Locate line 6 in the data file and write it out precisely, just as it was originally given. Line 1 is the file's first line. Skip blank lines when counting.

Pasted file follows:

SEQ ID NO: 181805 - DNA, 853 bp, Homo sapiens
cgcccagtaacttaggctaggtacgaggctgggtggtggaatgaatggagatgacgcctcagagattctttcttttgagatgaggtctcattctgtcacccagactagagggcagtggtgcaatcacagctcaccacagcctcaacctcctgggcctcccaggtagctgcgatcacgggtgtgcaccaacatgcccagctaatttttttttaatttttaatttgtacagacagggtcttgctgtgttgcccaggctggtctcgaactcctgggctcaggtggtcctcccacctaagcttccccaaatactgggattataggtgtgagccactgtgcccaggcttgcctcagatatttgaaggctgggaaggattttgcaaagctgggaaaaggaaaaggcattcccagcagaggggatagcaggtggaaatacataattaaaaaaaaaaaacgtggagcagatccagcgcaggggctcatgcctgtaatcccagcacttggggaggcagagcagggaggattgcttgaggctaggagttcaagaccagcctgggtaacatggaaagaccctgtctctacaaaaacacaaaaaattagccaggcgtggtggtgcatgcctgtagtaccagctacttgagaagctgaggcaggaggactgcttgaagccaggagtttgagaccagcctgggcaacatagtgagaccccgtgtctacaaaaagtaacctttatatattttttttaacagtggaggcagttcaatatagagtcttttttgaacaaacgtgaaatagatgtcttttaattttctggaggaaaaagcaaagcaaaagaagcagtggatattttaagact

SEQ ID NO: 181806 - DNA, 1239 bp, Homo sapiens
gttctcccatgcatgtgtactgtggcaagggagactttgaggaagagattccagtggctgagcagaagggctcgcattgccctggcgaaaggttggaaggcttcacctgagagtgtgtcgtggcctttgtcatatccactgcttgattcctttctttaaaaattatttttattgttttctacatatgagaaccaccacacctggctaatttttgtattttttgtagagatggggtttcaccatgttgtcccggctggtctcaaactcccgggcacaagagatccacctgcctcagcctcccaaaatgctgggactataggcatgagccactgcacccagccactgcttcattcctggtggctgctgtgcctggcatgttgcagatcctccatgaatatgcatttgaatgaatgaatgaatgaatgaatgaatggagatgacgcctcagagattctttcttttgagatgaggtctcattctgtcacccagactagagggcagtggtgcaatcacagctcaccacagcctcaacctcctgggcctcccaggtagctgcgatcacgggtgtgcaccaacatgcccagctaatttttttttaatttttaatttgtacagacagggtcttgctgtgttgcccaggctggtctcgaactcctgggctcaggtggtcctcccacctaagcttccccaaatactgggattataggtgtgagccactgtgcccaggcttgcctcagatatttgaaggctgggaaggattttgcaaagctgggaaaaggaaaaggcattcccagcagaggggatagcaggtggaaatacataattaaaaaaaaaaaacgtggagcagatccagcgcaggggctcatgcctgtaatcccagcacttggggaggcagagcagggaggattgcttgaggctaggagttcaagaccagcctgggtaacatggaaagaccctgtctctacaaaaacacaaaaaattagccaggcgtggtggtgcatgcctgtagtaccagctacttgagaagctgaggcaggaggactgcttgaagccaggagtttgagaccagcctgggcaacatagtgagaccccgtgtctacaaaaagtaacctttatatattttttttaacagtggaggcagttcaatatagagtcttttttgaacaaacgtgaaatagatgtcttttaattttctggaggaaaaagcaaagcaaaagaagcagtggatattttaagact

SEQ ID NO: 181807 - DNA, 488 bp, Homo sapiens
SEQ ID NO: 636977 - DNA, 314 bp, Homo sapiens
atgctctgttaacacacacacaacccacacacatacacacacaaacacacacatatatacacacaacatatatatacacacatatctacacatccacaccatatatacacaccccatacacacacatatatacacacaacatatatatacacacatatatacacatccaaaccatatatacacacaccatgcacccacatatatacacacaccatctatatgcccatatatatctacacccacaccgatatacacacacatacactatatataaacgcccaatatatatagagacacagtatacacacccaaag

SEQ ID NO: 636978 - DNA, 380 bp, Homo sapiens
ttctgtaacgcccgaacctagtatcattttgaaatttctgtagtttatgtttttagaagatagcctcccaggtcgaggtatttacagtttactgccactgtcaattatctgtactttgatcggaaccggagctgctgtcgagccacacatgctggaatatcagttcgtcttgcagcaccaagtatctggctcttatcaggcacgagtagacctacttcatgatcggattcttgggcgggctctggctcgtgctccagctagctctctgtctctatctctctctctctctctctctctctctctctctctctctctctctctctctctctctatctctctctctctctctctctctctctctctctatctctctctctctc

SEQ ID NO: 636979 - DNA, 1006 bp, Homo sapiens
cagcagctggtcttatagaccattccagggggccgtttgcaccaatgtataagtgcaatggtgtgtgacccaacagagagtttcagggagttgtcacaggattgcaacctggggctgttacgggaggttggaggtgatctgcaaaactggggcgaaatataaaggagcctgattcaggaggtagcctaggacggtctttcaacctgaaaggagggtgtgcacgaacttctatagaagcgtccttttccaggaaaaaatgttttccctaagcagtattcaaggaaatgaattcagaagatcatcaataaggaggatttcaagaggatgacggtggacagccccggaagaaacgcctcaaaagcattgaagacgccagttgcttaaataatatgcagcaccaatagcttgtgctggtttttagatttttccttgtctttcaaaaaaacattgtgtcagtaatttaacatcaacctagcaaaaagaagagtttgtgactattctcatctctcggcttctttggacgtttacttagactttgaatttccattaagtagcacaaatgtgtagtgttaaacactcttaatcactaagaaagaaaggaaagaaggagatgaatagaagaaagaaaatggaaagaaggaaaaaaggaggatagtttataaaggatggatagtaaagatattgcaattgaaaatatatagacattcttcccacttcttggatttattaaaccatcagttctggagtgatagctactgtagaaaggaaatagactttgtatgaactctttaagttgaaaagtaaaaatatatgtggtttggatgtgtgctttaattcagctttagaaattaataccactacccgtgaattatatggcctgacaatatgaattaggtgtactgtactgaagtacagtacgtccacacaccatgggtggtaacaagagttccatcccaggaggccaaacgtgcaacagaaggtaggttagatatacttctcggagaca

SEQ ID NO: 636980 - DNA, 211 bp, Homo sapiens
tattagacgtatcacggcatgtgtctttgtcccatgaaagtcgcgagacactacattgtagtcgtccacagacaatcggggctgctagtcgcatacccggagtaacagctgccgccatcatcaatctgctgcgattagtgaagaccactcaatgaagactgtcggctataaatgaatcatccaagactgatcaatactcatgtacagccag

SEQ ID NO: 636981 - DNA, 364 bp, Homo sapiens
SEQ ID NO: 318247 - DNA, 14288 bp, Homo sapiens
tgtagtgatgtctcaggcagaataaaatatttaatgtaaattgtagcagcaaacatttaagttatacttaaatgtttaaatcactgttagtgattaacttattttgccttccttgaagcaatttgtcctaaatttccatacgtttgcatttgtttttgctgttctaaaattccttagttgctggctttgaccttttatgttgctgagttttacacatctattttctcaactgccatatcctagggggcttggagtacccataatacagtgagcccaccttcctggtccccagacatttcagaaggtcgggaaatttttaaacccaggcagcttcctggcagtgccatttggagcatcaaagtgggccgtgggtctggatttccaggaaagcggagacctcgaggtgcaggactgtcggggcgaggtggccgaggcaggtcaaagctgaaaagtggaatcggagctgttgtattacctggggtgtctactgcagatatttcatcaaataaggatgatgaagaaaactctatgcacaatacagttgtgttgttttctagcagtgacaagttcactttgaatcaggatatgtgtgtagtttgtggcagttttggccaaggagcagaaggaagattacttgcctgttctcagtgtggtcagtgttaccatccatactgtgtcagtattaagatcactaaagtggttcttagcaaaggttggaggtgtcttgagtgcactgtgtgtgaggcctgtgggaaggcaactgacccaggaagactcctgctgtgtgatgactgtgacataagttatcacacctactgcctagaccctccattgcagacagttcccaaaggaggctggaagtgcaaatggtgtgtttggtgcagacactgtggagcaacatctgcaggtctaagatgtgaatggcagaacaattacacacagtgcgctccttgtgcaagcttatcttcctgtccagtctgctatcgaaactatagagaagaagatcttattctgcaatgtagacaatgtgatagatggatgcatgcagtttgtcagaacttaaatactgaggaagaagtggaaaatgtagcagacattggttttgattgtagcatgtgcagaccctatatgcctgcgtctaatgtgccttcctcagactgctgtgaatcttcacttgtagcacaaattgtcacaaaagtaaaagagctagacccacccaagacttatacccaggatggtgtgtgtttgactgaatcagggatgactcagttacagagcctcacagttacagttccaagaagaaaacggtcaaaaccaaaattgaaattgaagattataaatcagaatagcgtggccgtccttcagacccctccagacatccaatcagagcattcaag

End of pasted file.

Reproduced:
SEQ ID NO: 636977 - DNA, 314 bp, Homo sapiens